SOWETO, South Africa — The mood was more festive than funereal. Outside Nelson Mandela’s former home in Soweto on Friday, crowds sang, chanted, and danced. People carried posters of his famous quotations. Children ran through the streets, holding up pictures of the former president’s face torn from the morning’s newspapers.
“We love you, Papa Mandela,” they cried.
Eunice Ngakane, 40, from North West province, said she and her friends were going to spend the whole night on Vilakazi Street, remembering the national hero who had died the night before. Then they would “freshen up” in the morning and come right back again.
“When Africa cries, Africa sings,” said Japie Molatedi, 55, who described himself as a “typical Sowetan.”
Samantha Nkabinde, 28, a financial analyst in Johannesburg, said it was only fitting for the mourning to take place in such a public fashion. “He never sat behind closed doors or walls,” she said. “He went out among the people, touched so many people.”
The crowd sang, “Mandela, you’re my president.”
In the government’s first announcement of a schedule for ceremonies that are likely to draw vast numbers of world dignitaries and less exalted mourners, President Jacob Zuma said Friday that the former president’s body would lie in state from Dec. 11 to 13 after a memorial at a huge World Cup soccer stadium in Soweto on Dec. 10. He will be buried in his childhood village, Qunu, in the Eastern Cape region, on Dec. 15 after a state funeral, Zuma said.
The White House said in a statement that President Obama and Michelle Obama, would visit South Africa next week “to participate in memorial events.” The wording left unclear whether the state funeral was included.
The state funeral will fall on the eve of Dec. 16, one of the most important public holidays in the South African political calendar with heavy historical resonance for blacks and whites. Officially known since 1994 as the Day of Reconciliation, it also marks the founding in 1961 of the Umkhonto we Sizwe, or Spear of the Nation, guerrilla army that opposed white rule, and a much earlier victory by Afrikaner forces over a Zulu army in 1838 known as the Battle of Blood River.
At a service in Cape Town, retired Anglican Archbishop Desmond Tutu, himself a towering figure in the struggle against apartheid that defined much of Mandela’s life, expressed the hopes and fears of many of his compatriots when he told congregants at St. George’s Anglican Cathedral early Friday: “Let us give him the gift of a South Africa united, one.”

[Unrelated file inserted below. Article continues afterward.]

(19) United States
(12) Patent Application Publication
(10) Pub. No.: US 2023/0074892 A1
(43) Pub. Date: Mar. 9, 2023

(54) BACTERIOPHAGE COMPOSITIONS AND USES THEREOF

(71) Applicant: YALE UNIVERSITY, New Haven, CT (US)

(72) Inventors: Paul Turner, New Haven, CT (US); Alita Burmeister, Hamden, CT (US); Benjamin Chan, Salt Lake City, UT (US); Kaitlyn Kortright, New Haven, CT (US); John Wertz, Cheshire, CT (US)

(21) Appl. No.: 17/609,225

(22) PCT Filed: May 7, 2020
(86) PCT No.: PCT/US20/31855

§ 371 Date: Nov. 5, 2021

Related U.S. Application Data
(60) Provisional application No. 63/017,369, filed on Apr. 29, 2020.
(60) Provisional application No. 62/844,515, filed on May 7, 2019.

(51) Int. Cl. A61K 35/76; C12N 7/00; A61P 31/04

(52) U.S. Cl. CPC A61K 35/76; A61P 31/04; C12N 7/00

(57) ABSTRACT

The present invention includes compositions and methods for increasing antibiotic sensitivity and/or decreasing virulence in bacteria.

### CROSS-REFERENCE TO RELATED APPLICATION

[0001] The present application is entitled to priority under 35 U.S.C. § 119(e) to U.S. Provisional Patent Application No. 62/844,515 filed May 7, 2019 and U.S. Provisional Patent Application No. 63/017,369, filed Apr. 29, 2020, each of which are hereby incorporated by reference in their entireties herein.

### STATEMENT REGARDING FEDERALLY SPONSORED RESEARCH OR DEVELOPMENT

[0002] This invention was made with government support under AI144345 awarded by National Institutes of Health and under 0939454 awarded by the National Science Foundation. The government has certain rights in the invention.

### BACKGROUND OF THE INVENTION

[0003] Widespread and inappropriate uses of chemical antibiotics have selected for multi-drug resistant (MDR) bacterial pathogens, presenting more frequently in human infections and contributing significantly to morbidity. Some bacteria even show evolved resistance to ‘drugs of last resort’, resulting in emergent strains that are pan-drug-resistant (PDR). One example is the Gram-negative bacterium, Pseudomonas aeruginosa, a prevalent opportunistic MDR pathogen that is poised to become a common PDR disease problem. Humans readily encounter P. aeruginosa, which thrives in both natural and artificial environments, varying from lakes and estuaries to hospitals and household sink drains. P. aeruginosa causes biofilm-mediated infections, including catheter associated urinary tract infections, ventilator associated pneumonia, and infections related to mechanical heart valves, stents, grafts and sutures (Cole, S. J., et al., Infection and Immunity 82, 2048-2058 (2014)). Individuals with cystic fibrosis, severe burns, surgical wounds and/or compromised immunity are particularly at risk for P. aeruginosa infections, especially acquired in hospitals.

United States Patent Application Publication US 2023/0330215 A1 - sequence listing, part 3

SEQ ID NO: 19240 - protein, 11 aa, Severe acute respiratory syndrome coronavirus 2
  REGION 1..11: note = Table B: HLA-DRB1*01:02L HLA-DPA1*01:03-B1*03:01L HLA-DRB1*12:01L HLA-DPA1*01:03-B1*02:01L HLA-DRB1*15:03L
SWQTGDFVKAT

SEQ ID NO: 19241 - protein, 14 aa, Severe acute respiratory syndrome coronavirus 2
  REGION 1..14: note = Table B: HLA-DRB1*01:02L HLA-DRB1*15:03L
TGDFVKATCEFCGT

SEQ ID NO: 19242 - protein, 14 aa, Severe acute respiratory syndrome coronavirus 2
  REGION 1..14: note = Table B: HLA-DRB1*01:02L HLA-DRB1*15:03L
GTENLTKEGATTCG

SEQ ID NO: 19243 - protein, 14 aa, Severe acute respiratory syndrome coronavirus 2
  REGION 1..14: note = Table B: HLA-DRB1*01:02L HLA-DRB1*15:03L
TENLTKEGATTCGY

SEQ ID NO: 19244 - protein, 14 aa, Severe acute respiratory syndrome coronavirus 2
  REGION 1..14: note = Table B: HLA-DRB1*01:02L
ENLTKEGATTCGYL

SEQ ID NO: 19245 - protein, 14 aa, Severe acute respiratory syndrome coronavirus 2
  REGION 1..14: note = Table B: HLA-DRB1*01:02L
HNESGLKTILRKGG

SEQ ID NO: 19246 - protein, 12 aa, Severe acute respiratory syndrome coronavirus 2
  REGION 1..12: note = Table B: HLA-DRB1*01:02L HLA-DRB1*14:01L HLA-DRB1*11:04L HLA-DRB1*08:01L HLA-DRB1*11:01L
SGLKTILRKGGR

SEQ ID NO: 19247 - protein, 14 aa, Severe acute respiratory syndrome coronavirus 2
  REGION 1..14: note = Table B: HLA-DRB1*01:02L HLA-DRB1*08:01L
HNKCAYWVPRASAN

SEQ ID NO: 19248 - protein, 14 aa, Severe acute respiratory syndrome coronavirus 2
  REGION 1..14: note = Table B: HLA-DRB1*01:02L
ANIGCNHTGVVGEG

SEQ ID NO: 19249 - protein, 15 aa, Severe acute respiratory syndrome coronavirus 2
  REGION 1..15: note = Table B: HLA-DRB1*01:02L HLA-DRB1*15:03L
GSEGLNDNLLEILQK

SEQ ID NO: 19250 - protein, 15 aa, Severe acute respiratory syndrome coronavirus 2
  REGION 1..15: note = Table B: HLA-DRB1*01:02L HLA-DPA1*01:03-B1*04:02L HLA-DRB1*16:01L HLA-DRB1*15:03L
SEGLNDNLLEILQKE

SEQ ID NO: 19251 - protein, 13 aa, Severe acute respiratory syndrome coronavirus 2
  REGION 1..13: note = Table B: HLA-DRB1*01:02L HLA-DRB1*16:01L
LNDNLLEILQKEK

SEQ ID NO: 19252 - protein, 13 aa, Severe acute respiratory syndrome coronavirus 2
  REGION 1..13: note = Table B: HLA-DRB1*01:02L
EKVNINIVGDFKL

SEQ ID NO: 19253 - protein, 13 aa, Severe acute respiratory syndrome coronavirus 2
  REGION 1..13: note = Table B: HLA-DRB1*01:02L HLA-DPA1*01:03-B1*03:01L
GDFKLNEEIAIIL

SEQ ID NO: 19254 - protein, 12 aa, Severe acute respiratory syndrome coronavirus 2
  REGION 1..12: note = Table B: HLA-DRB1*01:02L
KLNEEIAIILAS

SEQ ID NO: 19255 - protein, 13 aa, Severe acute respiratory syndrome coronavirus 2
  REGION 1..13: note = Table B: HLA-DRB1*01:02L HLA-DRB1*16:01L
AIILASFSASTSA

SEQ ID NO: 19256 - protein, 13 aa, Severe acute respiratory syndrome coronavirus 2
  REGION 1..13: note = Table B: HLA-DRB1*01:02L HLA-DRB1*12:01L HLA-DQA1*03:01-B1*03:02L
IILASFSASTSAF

As flags flew at half staff across South Africa, a sense of loss, blended with memories of inspiration, spread from Obama in Washington to members of the British royal family and on to those who saw Mandela as an exemplar of a broader struggle.
“A giant among men has passed away,” Prime Minister Manmohan Singh of India said. “This is as much India’s loss as South Africa’s.”
As public figures used superlatives to describe Mandela, Prime Minister David Cameron declared in London: “A great light has gone out in the world.” Pope Francis praised “the steadfast commitment shown by Nelson Mandela in promoting the human dignity of all the nation’s citizens and in forging a new South Africa.” President Vladimir Putin of Russia said Mandela was “committed to the end of his days to the ideals of humanism and justice.”
The tone of the tributes reflected seemingly universal sentiments crossing racial, national, religious, and political lines. In the United States, Republicans and Democrats alike embraced his legacy. In China, the government hailed him as a liberator from imperialism, even as dissidents held him as a symbol of resistance against repression.
In Syria, President Bashar Assad, accused by the political opposition of heinous crimes in a nearly three-year-old civil war, said Mandela was “an inspiration in the values of love and human brotherhood.”
In South Africa, people of all races gathered at Mandela’s home, laying wreaths, singing freedom songs, whispering prayers, and performing the toyi-toyi dance in his honor.
“It is one of those days when everyone is united again,” said Reginald Hoskins.